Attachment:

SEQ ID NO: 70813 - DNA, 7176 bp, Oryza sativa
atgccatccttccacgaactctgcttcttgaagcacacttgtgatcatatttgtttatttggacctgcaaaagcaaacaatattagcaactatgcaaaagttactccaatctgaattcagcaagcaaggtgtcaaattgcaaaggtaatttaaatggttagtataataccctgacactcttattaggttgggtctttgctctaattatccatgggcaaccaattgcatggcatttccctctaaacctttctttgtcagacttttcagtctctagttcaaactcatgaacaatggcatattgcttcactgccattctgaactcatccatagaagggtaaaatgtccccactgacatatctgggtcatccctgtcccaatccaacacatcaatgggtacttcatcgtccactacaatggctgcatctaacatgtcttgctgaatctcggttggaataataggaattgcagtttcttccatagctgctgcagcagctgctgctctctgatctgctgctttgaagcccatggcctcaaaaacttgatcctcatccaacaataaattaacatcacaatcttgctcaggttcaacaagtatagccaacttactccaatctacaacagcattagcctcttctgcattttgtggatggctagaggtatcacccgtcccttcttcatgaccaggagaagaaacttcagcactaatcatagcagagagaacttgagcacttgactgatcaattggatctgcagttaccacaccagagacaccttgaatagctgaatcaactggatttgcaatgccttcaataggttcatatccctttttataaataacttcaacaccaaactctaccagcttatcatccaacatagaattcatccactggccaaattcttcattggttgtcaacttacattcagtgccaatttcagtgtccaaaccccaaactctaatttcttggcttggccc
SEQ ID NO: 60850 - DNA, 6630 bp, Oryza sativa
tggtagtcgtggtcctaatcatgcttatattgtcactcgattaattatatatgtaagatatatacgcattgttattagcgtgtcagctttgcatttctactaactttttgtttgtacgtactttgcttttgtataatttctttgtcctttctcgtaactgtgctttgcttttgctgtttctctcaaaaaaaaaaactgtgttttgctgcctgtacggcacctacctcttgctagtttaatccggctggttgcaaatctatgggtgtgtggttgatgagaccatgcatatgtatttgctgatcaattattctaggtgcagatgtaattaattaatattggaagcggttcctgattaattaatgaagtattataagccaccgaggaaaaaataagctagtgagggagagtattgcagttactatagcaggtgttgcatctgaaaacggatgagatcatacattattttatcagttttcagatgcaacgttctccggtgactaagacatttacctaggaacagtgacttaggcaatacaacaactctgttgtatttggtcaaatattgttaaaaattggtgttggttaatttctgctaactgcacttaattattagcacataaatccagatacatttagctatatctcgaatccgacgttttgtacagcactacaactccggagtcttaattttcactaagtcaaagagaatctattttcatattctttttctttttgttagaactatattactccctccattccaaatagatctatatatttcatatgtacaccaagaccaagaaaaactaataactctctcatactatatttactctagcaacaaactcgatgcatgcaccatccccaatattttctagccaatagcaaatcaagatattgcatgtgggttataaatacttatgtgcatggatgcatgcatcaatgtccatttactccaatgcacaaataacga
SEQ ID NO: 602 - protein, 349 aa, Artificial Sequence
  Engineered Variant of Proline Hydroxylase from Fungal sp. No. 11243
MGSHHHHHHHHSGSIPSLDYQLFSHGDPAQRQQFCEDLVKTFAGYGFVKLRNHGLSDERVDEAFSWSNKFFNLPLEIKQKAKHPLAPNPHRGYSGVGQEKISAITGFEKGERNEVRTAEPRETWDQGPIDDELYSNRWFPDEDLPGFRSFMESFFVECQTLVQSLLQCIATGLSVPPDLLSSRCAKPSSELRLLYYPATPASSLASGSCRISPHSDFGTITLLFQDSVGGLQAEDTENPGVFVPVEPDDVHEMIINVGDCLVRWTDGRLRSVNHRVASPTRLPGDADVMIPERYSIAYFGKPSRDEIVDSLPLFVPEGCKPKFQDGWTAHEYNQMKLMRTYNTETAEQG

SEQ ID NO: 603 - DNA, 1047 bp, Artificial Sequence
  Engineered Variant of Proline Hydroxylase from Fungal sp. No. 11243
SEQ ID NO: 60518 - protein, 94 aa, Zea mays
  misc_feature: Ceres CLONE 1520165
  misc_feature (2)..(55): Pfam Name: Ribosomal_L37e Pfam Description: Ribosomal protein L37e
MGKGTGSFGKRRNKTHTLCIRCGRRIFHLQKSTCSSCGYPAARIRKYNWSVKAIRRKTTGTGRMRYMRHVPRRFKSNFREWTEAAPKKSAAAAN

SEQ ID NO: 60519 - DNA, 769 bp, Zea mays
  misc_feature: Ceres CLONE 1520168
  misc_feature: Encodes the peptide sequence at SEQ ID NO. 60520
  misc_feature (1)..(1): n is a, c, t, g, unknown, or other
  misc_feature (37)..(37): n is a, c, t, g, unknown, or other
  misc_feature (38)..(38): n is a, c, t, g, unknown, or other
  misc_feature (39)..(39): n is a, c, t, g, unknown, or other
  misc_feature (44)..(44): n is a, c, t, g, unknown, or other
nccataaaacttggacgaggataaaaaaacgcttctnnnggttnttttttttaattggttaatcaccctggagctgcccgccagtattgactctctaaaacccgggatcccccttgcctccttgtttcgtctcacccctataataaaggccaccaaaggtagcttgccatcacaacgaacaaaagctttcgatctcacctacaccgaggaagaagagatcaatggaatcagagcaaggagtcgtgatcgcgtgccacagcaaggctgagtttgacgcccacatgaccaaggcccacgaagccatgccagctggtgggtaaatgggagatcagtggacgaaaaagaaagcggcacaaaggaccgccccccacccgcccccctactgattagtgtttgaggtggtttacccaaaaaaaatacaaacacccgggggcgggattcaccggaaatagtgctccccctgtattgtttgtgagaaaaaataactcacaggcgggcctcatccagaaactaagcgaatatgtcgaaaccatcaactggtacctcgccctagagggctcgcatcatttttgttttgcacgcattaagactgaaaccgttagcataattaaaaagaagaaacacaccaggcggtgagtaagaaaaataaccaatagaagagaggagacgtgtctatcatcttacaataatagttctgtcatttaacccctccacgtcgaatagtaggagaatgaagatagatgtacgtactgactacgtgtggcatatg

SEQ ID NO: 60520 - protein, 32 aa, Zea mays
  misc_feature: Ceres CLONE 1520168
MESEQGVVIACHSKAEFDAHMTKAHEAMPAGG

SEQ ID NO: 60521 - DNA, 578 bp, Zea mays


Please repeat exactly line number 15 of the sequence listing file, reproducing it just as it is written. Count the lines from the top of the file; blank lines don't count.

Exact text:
  misc_feature: Ceres CLONE 1520168